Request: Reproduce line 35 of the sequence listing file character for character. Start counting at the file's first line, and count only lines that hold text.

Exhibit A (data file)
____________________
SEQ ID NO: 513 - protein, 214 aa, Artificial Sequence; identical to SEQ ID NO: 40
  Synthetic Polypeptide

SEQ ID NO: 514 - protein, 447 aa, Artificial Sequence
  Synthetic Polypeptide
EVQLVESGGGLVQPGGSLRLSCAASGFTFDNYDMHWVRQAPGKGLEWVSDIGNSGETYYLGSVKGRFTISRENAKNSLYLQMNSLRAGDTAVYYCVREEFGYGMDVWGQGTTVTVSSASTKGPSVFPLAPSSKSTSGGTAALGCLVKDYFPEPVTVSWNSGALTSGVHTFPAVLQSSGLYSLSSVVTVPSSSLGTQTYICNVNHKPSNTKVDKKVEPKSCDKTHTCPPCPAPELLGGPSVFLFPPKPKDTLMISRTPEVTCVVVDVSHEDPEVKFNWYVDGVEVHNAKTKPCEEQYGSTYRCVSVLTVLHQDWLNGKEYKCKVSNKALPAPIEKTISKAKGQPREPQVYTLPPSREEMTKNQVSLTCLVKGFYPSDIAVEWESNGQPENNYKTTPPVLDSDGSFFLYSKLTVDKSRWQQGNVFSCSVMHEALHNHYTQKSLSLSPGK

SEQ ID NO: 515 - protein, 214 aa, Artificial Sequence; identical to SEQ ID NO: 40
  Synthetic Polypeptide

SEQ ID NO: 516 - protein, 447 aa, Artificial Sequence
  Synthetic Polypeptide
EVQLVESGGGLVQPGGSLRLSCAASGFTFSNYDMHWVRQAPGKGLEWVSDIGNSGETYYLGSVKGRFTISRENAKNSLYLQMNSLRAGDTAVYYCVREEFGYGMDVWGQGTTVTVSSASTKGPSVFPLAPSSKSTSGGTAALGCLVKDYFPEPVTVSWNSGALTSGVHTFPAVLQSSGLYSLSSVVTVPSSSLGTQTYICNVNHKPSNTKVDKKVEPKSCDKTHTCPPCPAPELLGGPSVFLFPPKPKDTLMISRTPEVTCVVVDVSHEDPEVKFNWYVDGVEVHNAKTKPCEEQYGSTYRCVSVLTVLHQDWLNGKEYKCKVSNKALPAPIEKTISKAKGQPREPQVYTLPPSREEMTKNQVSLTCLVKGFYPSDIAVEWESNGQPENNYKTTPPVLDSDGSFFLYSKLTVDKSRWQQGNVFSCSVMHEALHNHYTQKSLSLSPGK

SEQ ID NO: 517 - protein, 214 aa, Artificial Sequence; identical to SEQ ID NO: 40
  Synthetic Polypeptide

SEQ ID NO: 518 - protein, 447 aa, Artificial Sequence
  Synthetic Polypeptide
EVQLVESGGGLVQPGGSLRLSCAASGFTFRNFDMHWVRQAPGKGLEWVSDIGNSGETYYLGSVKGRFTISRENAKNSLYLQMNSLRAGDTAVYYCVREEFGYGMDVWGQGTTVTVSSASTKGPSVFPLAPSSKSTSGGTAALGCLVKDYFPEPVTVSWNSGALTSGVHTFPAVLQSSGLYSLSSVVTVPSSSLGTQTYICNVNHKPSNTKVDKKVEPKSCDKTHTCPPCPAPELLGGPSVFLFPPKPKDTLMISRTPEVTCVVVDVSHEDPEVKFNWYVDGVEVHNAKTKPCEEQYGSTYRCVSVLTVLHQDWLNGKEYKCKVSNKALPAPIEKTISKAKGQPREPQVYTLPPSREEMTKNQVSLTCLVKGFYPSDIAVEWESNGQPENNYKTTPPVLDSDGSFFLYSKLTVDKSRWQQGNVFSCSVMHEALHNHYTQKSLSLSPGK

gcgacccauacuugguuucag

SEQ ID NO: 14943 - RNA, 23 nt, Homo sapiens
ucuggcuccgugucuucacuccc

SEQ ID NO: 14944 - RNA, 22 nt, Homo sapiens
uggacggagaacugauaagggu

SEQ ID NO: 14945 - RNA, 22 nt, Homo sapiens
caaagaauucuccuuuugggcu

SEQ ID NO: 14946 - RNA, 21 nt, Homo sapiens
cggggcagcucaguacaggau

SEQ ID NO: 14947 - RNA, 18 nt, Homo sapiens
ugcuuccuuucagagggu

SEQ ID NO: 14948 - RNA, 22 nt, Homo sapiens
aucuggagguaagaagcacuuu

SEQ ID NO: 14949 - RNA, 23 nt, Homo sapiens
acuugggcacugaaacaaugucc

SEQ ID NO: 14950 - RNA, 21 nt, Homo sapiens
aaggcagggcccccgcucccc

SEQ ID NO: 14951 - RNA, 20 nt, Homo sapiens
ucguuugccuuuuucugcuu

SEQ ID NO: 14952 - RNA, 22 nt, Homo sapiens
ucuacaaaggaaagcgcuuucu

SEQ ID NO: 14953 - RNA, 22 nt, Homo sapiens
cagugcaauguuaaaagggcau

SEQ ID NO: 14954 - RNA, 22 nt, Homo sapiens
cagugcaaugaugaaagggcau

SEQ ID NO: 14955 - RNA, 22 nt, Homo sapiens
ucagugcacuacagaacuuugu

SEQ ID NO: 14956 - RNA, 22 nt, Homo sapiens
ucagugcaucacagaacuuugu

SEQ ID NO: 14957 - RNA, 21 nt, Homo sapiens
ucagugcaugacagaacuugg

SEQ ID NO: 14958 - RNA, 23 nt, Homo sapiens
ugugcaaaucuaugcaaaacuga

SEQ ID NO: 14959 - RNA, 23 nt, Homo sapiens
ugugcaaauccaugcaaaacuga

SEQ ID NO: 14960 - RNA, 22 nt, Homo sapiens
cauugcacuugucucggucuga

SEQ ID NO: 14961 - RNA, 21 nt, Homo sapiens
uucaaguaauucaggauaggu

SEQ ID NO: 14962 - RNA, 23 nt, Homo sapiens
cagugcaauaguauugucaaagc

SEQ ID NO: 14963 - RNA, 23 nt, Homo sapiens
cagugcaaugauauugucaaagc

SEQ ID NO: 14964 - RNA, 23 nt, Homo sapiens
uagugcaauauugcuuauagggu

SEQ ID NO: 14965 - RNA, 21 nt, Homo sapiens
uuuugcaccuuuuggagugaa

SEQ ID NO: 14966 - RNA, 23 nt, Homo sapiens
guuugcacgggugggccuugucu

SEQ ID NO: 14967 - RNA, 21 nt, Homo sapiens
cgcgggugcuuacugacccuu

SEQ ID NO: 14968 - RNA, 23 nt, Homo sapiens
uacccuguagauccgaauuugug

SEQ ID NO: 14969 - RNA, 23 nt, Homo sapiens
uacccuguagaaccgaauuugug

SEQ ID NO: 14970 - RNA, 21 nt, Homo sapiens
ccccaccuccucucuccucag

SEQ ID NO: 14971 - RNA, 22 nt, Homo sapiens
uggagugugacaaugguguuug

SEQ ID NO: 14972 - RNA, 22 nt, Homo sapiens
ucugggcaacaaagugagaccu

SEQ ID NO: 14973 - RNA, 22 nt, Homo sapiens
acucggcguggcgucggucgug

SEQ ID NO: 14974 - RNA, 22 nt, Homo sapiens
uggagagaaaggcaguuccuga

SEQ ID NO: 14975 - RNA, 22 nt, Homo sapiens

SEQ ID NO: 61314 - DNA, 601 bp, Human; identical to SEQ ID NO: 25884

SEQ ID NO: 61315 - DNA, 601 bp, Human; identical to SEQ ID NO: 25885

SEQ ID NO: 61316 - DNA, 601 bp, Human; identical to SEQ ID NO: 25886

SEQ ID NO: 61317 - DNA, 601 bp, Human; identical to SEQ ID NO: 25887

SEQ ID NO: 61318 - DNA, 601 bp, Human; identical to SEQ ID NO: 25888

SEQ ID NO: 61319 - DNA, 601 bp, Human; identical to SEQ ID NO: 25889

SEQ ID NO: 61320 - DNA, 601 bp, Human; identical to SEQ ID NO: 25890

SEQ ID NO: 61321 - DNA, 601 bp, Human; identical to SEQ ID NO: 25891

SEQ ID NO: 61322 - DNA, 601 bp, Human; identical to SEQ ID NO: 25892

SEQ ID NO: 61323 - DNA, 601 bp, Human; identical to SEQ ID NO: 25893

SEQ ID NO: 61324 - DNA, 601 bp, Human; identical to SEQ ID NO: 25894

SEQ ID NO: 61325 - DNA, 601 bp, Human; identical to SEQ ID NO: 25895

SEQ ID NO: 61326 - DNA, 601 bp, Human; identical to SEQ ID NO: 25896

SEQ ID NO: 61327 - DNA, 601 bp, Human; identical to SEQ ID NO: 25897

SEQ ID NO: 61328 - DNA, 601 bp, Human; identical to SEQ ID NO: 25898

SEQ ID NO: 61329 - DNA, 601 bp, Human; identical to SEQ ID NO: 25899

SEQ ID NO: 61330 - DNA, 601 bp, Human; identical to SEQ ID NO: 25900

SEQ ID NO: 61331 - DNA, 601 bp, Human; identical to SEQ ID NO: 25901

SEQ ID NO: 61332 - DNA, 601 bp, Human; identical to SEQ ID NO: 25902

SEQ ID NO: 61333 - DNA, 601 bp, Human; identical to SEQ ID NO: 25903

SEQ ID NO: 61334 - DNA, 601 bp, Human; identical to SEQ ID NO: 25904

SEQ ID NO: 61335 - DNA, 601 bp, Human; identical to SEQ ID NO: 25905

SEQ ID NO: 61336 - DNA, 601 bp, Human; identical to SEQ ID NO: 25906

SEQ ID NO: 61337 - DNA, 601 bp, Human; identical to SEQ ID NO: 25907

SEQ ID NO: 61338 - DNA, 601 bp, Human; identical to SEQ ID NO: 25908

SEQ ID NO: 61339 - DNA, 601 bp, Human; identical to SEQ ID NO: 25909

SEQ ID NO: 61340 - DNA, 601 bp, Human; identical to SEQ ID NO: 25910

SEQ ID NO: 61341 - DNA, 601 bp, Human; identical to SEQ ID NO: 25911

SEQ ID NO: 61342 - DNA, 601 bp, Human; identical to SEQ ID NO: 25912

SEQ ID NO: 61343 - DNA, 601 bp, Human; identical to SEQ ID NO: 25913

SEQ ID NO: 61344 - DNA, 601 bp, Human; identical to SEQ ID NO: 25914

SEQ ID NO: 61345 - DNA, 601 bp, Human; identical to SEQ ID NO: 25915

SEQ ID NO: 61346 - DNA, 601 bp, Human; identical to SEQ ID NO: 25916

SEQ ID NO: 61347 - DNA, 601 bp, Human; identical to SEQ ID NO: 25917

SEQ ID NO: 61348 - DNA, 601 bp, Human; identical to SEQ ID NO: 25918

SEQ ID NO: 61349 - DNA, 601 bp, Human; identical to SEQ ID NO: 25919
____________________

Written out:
SEQ ID NO: 14952 - RNA, 22 nt, Homo sapiens